There's a good chance of rain for at least coastal Texas. I think the wave, whether it's a storm or not, will get close enough to give that region some water. Whether it moves inland into the core of the state or not remains to be seen.
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Quoting Elena85Vet:
"I'll have a new post on Wednesday discussing if the evacuations and media hype surrounding Irene were excessive.

Jeff Masters"

That's easy...They were not.

The actual deaths and destruction have proven enough for the alert. Not to mention Irene was an eyewall and a day from it being much worse.


Let's hear what the post has to say. There is a growing recognition that some of the weather gurus misunderstood Irene's structure when approaching and over North Carolina. Second, the hype from The Weather Channel was a little too over the top for my tastes. But NHC, Weather Underground staff, and others were most excellent at predicting massive inland flooding, which seems to be a problem persisting even today Tuesday. So "fair and balanced" is what I'm predicting, with opinion landing on both sides of the issue.
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Quoting Dakster:


Why was Rick Scott spotted on the West Coast??


Bite your tongue. I don't want that joker anywhere near me! Looks like something wants to get organized though. Lots of tropical moisture. Welcoming the rain!
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Quoting JGreco:



So Basically the more intense the storm is, the more likely it would feel the NE component from the front. The weaker, the more likely it would sneak to the West into Texas. That is what the models are having problems with right??


Probably, but the models will have issues with a system that isn't developed yet anyway, and for which the timing is complex. We could even have the system sneak right up to the Texas coast near Houston and then stall out for a while not wanting to go anywhere. That would be wonderful for rainfall.
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Quoting NavarreMark:
Katia appears to be moving slightly west of due west.
????????
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Quoting hurricanejunky:
Looks like some funny business of the west coast of FL:


Why was Rick Scott spotted on the West Coast??
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Quoting Levi32:
Our tropical wave in the NW Caribbean is going to have all of the available energy to itself due to the monsoon trough being pretty far north over central America, meaning that the East Pacific will be giving no competition to the Gulf of Mexico anytime soon. This gives an ideal setup for home-grown tropical mischief that could have days to try to gradually wind up, likely not amounting to anything significant until this weekend.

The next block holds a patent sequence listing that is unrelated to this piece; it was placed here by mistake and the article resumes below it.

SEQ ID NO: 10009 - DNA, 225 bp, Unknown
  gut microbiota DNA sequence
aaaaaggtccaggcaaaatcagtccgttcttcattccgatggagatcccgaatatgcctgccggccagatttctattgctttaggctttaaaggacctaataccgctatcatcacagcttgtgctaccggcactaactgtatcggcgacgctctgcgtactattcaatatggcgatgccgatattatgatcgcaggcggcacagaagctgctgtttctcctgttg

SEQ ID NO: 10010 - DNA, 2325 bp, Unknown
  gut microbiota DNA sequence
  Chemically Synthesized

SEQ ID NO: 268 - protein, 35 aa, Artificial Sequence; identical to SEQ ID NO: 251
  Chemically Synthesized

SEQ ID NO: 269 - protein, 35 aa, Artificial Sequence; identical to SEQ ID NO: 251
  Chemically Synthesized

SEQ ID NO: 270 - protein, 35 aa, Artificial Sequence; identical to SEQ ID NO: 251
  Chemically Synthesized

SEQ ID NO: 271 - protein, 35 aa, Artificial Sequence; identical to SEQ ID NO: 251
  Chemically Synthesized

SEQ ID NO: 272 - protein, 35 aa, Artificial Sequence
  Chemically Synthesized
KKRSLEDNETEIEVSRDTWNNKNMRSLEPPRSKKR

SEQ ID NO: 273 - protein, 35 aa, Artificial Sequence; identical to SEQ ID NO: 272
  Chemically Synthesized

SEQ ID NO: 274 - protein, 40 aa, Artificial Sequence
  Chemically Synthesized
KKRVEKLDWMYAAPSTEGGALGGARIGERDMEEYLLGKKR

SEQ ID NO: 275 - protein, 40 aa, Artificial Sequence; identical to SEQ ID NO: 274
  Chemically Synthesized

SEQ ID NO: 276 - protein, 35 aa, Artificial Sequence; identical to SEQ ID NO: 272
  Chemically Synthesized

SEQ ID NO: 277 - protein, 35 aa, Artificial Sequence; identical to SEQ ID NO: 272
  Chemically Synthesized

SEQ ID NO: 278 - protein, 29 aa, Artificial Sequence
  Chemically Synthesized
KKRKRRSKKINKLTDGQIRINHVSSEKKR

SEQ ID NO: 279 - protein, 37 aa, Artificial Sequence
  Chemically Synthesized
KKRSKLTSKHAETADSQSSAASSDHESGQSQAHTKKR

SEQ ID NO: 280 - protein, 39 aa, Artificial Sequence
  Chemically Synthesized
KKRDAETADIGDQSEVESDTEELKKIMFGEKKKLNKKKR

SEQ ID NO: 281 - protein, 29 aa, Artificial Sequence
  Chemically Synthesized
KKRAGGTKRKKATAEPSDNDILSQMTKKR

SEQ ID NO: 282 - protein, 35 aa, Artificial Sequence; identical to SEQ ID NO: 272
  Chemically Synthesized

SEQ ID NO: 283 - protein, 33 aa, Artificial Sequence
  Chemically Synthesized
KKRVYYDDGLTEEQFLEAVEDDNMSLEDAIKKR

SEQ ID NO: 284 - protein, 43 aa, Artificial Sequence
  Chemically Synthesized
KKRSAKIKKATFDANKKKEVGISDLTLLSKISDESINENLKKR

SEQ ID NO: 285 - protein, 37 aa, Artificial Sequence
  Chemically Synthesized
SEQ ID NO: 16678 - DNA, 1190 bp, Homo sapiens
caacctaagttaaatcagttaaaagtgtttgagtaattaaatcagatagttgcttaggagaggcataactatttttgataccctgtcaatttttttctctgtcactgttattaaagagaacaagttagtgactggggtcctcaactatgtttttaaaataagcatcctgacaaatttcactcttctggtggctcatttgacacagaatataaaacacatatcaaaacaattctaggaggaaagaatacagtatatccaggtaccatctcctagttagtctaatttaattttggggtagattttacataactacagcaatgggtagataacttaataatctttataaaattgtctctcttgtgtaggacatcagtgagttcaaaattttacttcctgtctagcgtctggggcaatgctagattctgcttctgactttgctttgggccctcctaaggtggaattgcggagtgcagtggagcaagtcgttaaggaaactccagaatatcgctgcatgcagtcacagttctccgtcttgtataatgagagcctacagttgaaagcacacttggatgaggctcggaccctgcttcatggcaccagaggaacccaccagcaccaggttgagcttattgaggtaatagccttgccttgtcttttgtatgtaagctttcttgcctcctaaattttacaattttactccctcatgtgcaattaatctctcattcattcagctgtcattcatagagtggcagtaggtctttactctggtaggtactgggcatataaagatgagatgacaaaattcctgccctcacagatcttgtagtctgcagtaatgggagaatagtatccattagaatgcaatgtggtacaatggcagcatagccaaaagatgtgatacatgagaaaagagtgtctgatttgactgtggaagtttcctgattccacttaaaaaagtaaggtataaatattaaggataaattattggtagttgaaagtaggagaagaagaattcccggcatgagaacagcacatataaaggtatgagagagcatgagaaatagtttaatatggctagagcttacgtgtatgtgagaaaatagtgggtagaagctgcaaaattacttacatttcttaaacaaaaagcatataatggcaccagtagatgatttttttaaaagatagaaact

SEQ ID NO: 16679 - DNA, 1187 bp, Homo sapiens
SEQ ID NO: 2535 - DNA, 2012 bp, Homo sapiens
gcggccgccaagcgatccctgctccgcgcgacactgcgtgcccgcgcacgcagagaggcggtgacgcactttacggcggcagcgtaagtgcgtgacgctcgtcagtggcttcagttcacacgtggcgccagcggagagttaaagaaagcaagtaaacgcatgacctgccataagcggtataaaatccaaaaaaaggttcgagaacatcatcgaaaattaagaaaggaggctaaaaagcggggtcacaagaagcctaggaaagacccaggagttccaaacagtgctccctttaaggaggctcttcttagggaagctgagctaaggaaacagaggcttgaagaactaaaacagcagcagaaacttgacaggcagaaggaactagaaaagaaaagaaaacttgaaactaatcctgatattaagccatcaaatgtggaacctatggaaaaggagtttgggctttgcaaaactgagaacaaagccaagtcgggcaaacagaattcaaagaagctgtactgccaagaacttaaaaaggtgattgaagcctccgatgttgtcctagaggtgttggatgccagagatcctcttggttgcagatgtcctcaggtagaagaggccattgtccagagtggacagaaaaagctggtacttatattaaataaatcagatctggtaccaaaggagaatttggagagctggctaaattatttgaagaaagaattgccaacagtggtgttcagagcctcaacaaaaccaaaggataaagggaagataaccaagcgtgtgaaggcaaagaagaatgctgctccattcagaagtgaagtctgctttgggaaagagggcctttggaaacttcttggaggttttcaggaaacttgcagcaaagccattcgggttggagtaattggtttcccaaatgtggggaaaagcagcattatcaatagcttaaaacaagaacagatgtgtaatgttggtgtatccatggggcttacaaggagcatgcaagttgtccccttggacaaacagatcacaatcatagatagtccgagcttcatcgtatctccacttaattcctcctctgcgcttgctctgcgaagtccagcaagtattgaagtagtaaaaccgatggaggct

Any chance the tropical system brings rain further into Texas or will it move south into Mexico? We had rain in the forecast here until this system was forecasted to develop. An open wave would have brought moisture over Texas but a developing storm doesnt unless it moves your direction. Thanks and a great job as always.
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Quoting ncstorm:
12Z NOGAPS Loves Texas..

Link


interesting....
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Quoting Levi32:


If the high is right to the west of potential Lee then it would be hard for him to move into Texas, but we don't know what the exact alignment will be. He could still sneak underneath it into the TX/MX border. The trough in the east would eventually leave, shutting off the northeastward pull, and if he was still sitting in the gulf then his only option would be westward. Obviously, which pull on him wins would be very dependent on his strength at that time if he develops.
The Ne scenerio is almost something like what you would see in the end of Sep/ October. This is another strange season to me.
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Quoting Levi32:


If the high is right to the west of potential Lee then it would be hard for him to move into Texas, but we don't know what the exact alignment will be. He could still sneak underneath it into the TX/MX border. The trough in the east would eventually leave, shutting off the northeastward pull, and if he was still sitting in the gulf then his only option would be westward. Obviously, which pull on him wins would be very dependent on his strength at that time if he develops.